Booster, mask, air vent: Tips for safe holiday flying

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Millions of people are expected to head to the airports this holiday season. But the spread of the Omicron variant is causing concerns about sitting in close quarters. Several studies say the risk of contracting the virus on an airplane is low. Airplane manufacturer Boeing backs up those claims, saying their planes use HEPA filters that remove more than 99.9% of particulates from the air before it is recirculated.

But Greater LA’s car and tech and car reporter Tod Mesirow found some concerning information the airlines may not be telling its passengers.

Though the Federal Aviation Administration has strict regulations for air filtration on planes, the agency does not require any testing.

“It’s not just a matter of zero enforcement. There’s no requirement for any data to be gathered, despite the fact that the FAA does indeed have strict standards,” he says.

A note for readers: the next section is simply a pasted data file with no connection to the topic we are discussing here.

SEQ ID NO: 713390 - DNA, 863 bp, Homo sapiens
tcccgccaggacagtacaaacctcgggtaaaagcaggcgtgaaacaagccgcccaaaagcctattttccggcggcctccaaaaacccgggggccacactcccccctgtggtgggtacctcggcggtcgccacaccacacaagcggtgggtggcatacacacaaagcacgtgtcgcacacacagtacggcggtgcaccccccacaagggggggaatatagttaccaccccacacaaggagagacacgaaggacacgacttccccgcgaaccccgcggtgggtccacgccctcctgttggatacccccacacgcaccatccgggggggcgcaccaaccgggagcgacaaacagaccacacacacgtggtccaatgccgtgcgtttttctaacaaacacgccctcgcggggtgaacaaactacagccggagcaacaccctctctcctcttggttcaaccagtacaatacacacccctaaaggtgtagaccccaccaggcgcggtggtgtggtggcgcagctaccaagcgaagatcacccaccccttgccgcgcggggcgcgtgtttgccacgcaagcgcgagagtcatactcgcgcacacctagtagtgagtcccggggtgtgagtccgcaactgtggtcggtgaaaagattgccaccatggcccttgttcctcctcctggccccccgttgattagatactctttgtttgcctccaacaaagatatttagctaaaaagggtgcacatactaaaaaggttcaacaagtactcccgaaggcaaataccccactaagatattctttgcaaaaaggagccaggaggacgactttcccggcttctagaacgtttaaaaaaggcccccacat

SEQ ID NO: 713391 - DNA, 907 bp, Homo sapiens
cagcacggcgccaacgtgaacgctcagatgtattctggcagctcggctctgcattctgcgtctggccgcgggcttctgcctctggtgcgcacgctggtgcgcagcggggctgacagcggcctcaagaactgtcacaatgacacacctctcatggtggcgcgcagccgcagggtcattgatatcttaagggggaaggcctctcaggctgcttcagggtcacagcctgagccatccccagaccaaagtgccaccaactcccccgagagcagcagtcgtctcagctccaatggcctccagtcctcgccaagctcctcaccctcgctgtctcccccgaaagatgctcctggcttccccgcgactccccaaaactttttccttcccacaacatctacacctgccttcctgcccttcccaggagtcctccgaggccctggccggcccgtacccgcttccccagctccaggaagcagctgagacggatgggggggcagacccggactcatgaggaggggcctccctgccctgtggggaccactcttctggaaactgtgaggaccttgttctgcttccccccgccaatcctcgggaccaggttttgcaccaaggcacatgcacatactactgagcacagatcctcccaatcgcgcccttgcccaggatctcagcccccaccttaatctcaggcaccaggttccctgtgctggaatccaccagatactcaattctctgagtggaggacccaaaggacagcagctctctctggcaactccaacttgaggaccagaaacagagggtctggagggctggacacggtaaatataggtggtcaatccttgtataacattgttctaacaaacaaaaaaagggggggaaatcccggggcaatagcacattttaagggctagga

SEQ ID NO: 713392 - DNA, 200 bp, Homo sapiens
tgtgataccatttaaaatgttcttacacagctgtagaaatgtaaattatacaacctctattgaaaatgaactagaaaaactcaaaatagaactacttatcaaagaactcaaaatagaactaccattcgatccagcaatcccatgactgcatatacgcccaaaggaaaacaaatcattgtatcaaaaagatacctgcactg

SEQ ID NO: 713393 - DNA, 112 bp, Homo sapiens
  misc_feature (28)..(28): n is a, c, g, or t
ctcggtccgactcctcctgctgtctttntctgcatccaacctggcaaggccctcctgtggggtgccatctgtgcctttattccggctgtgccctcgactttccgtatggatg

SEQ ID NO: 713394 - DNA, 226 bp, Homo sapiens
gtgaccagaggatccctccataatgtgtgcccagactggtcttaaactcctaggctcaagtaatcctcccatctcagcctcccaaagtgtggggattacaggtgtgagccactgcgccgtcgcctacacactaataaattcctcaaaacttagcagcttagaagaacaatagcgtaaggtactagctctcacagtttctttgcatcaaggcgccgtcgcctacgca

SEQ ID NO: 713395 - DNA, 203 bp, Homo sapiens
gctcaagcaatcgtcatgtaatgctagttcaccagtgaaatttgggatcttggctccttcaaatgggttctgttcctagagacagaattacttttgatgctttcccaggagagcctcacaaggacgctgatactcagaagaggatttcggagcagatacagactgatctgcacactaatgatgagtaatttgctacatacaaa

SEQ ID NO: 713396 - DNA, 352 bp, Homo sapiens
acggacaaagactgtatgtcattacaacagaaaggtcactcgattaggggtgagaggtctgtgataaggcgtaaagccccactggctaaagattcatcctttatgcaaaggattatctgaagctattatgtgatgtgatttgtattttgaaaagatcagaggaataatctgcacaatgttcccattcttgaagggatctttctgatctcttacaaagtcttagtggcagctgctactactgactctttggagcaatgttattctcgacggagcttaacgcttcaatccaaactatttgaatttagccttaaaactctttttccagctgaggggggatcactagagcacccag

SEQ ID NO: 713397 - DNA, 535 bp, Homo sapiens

Boeing says High Efficiency Particulate Air (HEPA) filters purify the air every few minutes throughout a plane’s cabin. Photo courtesy of Boeing.

Even if the HEPA filters are doing their job correctly, some experts told Mesirow they’re still worried about that 0.1%. "If I'm sitting right next to you and one of us sneezes or coughs or takes off a mask to talk, those little particulates are not going to get up to the filter and back down, they're going to go direct," says William J. McGee, an aviation journalist and author of “Attention All Passengers.” 

The most important thing you can do before traveling is making sure you are vaccinated, with a booster shot, according to Paula Cannon, a professor and virologist at USC. Cannon also recommends turning on the air vents to direct air away from you while sitting on the plane.

"If there's somebody next to you with COVID, it's also going to be blowing that away as well. So I think that's a good strategy, although it can probably make you pretty cold on a long journey," she says.